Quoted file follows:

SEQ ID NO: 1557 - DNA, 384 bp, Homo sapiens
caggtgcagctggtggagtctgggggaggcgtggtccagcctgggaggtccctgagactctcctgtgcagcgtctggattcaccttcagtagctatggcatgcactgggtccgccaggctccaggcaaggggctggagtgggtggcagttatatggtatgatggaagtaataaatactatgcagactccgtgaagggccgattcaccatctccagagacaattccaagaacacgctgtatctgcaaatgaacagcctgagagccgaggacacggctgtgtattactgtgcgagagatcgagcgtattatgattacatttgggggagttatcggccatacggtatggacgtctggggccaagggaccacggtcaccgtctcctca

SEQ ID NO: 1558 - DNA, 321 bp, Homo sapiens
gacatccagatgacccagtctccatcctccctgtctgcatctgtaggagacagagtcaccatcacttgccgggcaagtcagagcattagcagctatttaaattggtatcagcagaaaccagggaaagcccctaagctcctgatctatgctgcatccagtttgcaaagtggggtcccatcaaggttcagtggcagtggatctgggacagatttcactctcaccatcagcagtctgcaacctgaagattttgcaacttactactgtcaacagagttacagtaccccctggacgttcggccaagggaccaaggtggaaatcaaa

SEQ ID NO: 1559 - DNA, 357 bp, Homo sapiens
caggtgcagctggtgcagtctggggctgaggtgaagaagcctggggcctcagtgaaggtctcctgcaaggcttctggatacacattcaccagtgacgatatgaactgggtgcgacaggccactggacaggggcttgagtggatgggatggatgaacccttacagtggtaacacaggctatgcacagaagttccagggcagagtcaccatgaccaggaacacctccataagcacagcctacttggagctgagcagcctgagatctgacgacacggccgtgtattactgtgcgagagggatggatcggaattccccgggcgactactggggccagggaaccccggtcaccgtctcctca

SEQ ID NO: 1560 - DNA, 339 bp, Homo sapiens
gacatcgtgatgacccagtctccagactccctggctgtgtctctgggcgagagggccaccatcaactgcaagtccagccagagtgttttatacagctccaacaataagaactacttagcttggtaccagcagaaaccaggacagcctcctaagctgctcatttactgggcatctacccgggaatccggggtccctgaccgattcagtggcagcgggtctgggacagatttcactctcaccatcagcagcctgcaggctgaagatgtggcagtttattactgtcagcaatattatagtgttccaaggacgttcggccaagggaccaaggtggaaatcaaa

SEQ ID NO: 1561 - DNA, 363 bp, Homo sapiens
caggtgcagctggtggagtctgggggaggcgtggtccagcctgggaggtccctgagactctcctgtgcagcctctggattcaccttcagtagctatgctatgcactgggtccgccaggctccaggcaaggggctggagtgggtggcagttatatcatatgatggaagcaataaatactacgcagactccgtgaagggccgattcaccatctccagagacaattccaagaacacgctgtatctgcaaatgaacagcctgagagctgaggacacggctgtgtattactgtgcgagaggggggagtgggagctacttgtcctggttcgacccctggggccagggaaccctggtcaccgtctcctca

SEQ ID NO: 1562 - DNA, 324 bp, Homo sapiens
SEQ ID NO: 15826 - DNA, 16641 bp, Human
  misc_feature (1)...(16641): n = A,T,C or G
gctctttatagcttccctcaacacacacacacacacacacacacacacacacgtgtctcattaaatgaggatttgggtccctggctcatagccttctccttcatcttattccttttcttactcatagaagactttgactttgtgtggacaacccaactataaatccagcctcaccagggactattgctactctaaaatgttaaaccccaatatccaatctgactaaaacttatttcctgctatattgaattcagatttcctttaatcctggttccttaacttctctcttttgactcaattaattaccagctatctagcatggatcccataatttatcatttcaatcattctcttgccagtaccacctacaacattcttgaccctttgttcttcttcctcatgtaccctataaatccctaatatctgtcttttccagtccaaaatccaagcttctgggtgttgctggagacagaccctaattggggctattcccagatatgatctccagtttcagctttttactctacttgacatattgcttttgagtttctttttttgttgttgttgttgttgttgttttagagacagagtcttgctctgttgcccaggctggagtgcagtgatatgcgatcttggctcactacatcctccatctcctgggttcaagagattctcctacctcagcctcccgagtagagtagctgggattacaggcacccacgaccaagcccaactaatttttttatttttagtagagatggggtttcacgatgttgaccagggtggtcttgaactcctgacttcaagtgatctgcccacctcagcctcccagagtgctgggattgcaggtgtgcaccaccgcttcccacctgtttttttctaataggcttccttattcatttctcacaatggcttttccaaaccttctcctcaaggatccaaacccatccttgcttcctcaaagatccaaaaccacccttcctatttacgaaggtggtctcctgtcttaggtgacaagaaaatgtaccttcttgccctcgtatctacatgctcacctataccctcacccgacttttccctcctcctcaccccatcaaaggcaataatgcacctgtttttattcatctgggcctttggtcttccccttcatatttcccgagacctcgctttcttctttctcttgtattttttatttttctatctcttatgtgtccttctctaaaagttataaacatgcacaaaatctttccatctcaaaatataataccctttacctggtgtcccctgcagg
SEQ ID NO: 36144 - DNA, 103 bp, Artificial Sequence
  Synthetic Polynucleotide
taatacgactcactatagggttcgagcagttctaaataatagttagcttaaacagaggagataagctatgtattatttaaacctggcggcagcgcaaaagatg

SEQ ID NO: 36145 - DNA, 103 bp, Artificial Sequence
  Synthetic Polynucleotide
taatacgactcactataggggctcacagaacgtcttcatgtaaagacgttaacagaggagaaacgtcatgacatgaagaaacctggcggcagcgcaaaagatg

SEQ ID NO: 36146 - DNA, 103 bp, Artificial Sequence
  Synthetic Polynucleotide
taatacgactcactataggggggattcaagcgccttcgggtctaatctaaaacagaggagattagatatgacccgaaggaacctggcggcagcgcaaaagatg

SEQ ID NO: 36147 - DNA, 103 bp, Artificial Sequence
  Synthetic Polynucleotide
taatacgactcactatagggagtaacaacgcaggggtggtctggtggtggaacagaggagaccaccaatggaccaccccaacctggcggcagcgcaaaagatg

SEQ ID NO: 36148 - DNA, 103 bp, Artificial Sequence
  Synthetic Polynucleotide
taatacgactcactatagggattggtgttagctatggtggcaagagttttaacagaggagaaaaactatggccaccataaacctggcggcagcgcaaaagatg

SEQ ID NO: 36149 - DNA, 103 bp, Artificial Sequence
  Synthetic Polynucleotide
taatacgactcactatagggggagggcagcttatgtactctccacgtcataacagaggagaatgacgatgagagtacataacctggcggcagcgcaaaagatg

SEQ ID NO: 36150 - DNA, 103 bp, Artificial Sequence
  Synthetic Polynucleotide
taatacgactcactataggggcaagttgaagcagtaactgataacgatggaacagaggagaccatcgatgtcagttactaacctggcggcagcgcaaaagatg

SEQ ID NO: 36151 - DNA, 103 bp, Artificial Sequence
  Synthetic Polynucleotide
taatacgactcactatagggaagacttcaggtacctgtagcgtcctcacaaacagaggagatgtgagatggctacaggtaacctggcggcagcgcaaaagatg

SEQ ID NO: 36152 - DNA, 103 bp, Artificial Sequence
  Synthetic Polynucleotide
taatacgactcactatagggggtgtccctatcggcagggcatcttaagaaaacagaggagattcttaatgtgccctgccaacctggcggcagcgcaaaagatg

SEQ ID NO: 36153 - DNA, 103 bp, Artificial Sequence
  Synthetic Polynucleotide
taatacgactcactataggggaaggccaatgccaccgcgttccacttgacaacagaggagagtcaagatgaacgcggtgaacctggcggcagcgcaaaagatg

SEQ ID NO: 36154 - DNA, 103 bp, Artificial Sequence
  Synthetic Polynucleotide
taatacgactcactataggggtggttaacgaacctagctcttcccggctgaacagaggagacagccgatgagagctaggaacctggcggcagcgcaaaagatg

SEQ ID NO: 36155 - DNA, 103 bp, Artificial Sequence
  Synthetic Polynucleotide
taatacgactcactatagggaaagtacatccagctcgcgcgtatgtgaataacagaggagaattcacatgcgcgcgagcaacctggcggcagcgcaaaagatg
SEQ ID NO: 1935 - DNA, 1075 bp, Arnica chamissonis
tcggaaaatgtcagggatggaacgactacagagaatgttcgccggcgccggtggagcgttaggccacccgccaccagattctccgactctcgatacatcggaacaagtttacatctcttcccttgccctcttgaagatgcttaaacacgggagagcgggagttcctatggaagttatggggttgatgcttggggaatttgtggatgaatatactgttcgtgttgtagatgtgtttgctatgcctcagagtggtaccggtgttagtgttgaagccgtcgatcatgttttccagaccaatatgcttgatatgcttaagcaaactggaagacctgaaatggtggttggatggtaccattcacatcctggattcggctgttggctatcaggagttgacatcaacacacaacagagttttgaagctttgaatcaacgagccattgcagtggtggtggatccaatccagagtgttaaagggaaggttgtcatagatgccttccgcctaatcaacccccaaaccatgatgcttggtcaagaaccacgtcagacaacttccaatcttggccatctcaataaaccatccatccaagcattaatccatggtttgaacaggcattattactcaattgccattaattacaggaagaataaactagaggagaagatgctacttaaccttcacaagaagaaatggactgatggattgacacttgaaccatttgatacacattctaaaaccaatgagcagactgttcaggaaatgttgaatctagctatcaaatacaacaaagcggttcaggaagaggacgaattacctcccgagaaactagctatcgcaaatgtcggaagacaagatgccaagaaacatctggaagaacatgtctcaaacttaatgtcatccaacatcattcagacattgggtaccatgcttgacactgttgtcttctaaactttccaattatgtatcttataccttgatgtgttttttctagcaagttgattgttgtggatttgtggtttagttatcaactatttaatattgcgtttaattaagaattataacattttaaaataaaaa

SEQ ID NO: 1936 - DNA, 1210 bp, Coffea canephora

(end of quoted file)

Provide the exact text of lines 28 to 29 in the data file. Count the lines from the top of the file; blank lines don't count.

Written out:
  Synthetic Polynucleotide
taatacgactcactatagggattggtgttagctatggtggcaagagttttaacagaggagaaaaactatggccaccataaacctggcggcagcgcaaaagatg